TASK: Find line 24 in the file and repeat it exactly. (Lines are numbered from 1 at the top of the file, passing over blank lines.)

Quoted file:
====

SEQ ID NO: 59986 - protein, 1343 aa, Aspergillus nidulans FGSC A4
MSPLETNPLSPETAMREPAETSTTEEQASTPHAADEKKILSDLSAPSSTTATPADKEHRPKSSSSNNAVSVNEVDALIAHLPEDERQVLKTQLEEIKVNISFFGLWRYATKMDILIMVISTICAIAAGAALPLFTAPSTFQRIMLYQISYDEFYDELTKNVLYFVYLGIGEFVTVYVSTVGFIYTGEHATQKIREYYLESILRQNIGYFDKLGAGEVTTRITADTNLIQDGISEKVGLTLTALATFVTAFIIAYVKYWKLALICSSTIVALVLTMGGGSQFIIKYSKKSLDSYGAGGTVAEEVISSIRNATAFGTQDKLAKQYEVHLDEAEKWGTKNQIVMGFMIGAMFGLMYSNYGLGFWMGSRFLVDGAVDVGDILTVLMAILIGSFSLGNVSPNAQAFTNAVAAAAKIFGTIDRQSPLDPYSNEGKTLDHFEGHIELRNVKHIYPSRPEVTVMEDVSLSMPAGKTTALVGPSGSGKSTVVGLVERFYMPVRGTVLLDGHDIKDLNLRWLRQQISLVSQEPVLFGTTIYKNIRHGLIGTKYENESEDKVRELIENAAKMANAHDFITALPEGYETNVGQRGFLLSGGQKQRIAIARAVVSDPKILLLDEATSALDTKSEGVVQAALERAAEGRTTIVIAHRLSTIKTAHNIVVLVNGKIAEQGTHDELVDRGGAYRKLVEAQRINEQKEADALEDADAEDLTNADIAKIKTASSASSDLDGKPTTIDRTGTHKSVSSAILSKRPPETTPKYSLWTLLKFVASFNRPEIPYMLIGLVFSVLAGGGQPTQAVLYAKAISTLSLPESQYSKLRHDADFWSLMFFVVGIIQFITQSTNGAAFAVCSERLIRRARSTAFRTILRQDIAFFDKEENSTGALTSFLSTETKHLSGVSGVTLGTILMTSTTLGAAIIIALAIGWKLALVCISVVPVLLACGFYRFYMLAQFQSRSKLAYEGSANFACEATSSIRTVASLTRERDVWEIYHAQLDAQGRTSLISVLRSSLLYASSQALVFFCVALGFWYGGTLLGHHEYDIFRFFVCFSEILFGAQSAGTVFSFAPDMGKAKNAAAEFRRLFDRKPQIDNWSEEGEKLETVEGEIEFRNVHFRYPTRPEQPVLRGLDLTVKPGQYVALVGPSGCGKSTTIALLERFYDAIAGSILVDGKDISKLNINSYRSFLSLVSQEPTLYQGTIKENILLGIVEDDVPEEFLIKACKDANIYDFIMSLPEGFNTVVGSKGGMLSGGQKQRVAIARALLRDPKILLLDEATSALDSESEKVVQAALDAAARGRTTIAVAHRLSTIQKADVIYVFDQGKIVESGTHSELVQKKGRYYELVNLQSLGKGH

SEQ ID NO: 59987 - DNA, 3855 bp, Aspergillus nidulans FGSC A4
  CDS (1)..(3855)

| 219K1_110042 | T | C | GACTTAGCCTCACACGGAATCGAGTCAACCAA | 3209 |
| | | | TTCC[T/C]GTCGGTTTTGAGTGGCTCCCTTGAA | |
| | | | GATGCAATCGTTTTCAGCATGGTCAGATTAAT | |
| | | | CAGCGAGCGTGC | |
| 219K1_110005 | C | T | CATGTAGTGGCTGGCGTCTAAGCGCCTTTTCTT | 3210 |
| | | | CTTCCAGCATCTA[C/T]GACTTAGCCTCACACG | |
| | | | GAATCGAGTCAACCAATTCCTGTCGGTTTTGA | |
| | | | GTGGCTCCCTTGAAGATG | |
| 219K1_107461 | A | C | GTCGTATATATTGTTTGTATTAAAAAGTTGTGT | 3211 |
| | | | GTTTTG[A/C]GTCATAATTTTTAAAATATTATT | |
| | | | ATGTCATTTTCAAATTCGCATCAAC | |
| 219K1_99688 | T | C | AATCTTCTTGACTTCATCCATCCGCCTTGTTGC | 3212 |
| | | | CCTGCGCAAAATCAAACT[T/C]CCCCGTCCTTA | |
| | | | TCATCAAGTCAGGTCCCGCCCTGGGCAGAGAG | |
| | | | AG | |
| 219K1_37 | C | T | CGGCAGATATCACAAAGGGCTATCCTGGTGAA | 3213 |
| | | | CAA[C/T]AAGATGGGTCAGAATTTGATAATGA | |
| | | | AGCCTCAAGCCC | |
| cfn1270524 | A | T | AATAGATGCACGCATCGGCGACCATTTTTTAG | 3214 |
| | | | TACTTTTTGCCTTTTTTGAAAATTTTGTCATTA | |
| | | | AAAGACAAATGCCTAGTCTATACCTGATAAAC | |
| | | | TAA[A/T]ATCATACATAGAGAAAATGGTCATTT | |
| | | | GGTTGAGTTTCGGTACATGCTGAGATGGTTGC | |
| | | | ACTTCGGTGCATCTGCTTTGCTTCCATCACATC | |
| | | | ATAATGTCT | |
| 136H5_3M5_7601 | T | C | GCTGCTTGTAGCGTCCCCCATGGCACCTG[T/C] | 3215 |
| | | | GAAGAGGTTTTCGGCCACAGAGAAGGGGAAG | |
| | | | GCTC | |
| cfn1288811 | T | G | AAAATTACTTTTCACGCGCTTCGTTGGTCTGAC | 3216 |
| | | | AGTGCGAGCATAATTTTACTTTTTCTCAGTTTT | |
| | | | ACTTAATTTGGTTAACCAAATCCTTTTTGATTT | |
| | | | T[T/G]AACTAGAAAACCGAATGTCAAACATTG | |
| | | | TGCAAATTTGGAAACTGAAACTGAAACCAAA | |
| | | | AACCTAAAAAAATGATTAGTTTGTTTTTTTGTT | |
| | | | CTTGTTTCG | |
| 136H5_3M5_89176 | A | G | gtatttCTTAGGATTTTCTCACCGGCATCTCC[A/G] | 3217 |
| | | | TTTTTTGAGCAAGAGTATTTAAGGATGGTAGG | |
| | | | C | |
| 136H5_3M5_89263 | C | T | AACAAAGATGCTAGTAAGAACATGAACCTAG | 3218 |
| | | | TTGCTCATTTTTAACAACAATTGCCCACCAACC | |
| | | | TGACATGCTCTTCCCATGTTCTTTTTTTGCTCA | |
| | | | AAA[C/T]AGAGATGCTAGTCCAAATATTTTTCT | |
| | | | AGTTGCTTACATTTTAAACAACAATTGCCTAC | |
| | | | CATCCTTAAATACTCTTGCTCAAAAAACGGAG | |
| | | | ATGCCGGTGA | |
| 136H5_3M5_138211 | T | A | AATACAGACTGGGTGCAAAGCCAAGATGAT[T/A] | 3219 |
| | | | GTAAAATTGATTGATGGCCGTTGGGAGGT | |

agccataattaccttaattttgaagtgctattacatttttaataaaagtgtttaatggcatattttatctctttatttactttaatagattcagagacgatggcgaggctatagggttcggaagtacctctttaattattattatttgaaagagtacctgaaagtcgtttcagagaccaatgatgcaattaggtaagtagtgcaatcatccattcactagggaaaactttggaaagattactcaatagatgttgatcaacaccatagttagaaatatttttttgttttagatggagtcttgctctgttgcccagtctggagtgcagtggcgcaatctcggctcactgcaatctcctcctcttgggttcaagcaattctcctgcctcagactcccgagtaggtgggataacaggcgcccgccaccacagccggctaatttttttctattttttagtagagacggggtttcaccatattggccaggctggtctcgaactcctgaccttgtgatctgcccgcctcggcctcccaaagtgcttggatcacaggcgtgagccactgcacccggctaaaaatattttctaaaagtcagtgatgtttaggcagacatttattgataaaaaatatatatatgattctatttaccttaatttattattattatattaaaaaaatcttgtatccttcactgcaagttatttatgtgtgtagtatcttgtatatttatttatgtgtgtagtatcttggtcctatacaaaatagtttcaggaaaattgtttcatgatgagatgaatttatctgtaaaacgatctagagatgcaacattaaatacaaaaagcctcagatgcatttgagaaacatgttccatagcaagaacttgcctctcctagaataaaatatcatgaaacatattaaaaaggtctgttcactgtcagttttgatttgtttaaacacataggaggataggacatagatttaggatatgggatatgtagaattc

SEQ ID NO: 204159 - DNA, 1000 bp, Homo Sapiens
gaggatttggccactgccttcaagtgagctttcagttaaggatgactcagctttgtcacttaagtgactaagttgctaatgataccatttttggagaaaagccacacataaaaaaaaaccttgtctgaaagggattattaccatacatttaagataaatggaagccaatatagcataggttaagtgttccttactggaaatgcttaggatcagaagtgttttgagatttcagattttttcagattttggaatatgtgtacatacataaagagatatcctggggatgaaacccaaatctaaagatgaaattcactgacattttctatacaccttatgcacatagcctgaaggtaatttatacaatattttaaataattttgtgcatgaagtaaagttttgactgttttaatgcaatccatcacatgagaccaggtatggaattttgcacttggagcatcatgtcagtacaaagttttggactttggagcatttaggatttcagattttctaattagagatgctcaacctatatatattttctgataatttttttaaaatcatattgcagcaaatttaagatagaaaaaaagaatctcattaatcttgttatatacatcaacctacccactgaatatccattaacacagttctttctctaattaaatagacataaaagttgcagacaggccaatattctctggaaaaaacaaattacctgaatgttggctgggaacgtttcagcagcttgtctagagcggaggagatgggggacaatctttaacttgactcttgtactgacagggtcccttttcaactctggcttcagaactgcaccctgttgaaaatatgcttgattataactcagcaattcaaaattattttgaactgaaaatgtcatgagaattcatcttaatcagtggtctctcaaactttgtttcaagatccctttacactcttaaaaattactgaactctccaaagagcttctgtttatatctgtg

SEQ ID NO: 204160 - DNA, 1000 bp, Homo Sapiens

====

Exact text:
| | | | TACTTTTTGCCTTTTTTGAAAATTTTGTCATTA | |